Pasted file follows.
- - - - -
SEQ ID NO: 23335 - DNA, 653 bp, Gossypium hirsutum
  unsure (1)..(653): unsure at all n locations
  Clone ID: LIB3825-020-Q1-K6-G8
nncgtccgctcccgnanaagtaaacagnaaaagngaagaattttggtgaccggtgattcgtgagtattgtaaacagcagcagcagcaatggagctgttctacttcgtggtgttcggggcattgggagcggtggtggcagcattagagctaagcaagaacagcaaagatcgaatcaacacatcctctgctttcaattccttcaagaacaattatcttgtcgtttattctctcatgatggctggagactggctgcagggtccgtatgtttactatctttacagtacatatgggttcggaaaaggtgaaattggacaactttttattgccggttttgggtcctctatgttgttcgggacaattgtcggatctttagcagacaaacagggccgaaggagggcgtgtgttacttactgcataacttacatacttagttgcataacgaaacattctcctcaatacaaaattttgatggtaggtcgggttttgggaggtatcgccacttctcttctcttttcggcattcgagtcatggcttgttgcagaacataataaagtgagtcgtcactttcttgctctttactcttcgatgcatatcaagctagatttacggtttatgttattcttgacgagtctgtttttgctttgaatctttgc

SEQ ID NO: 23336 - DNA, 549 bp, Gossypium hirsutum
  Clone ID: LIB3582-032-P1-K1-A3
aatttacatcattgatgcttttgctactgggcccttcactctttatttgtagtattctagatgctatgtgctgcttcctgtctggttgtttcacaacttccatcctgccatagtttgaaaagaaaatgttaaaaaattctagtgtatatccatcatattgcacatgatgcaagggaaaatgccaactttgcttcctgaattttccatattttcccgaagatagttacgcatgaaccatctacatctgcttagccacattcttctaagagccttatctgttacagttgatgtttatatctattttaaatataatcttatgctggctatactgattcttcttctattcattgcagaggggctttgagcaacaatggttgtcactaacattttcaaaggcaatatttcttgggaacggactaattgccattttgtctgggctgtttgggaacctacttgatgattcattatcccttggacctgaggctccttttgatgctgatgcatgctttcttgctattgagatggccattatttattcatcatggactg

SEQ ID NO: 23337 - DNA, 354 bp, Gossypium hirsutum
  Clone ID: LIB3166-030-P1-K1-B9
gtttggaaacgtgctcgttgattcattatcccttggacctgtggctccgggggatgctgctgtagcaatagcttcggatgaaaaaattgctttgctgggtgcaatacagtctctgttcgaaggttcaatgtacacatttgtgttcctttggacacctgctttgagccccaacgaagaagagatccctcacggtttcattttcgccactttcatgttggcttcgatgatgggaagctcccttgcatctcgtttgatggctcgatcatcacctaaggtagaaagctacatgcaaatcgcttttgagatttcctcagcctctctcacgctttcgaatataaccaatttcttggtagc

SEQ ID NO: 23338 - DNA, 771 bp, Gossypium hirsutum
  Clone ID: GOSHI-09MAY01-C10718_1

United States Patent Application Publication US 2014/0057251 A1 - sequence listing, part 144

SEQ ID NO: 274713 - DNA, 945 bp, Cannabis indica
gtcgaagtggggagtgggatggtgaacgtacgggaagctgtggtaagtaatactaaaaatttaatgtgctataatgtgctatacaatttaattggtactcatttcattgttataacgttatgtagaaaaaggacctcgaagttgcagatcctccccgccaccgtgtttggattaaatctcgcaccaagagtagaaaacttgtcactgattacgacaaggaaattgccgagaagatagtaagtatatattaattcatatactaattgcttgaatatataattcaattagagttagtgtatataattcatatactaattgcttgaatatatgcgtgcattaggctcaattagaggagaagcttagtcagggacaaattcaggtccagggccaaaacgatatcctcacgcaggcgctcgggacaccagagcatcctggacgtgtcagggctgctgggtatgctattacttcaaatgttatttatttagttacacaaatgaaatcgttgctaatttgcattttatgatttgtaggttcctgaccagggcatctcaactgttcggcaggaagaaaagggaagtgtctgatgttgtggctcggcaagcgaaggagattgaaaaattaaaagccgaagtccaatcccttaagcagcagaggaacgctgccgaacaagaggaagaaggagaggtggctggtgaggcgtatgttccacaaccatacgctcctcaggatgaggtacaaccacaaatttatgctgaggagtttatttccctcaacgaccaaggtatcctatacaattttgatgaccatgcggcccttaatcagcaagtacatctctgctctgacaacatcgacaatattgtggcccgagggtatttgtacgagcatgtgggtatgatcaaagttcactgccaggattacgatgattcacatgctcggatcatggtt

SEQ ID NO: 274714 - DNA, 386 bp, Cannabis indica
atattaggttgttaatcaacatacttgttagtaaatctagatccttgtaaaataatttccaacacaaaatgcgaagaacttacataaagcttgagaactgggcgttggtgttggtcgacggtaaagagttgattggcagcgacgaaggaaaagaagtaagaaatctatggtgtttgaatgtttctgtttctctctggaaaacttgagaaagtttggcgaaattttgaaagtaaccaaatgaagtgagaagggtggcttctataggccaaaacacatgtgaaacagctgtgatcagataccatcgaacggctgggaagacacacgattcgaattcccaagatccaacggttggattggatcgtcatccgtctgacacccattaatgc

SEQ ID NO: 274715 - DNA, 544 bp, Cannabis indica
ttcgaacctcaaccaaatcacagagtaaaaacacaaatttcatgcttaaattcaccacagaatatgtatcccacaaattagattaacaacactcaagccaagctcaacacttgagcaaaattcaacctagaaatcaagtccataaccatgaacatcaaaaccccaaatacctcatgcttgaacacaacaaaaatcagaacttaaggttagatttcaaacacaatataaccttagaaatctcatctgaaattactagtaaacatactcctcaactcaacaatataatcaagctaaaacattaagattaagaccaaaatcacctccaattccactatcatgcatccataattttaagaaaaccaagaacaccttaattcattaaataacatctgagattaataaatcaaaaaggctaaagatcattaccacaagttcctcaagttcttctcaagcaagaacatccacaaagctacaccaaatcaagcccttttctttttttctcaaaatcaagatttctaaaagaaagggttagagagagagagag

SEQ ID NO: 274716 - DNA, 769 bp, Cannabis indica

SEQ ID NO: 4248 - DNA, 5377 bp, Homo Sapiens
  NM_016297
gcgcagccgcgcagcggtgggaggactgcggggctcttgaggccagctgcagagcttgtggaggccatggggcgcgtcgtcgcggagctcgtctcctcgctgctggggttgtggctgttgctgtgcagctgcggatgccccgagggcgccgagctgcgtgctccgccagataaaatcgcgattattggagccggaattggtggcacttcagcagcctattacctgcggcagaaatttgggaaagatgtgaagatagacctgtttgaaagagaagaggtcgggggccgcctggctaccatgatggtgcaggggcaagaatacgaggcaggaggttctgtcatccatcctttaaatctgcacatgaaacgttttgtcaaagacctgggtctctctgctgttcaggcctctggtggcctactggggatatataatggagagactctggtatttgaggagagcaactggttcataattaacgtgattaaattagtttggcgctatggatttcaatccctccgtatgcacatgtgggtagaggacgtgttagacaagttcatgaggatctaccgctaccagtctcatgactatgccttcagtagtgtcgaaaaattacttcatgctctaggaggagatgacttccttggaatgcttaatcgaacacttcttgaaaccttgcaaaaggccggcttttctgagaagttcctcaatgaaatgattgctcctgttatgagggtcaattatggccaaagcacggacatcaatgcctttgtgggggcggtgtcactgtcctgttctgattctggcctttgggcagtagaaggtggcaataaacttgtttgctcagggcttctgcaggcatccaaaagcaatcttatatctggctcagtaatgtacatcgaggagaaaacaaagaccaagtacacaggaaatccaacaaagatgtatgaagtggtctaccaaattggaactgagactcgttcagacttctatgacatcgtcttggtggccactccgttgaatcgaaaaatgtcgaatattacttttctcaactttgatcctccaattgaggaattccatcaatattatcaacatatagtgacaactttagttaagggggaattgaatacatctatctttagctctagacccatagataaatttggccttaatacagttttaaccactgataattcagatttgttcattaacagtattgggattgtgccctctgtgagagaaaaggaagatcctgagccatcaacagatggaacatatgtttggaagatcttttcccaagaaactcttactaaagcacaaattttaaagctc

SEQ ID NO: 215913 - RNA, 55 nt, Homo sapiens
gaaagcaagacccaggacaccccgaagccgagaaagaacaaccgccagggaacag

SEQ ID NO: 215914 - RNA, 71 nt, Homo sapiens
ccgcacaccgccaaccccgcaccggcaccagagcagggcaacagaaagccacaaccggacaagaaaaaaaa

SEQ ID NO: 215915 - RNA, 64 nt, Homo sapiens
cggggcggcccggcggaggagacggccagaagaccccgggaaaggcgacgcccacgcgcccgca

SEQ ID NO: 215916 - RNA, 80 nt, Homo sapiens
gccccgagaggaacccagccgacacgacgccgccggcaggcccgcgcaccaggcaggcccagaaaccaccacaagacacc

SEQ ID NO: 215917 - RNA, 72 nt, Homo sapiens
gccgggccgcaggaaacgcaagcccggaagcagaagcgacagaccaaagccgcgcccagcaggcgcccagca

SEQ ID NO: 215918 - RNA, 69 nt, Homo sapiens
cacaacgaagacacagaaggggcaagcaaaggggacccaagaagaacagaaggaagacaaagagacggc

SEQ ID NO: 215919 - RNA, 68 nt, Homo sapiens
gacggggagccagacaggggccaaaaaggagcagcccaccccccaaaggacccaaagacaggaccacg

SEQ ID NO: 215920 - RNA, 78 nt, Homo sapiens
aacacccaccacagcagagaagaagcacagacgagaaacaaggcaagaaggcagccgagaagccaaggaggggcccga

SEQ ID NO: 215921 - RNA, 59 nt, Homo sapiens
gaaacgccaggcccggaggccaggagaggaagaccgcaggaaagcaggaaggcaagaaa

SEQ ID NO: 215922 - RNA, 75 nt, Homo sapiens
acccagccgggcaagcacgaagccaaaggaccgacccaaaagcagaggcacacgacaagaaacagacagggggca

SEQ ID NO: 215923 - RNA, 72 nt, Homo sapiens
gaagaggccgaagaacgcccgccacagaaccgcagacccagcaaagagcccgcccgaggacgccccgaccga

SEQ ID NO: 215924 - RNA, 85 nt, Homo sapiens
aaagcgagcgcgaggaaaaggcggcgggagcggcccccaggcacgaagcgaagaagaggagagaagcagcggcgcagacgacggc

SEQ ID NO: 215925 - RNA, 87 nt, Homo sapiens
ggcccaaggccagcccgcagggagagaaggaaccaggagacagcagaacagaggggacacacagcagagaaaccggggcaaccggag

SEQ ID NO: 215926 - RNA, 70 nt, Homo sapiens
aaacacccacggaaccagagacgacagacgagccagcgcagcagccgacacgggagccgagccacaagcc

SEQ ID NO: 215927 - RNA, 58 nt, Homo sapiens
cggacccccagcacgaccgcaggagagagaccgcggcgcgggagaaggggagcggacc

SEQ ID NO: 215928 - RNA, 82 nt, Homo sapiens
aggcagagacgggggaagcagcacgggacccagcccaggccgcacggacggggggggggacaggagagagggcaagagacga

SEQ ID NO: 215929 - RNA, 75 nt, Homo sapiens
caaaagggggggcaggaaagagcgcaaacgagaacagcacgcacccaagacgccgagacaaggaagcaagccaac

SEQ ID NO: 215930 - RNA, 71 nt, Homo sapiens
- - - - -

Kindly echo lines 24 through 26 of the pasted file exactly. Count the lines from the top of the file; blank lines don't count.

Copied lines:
SEQ ID NO: 215913 - RNA, 55 nt, Homo sapiens
gaaagcaagacccaggacaccccgaagccgagaaagaacaaccgccagggaacag

SEQ ID NO: 215914 - RNA, 71 nt, Homo sapiens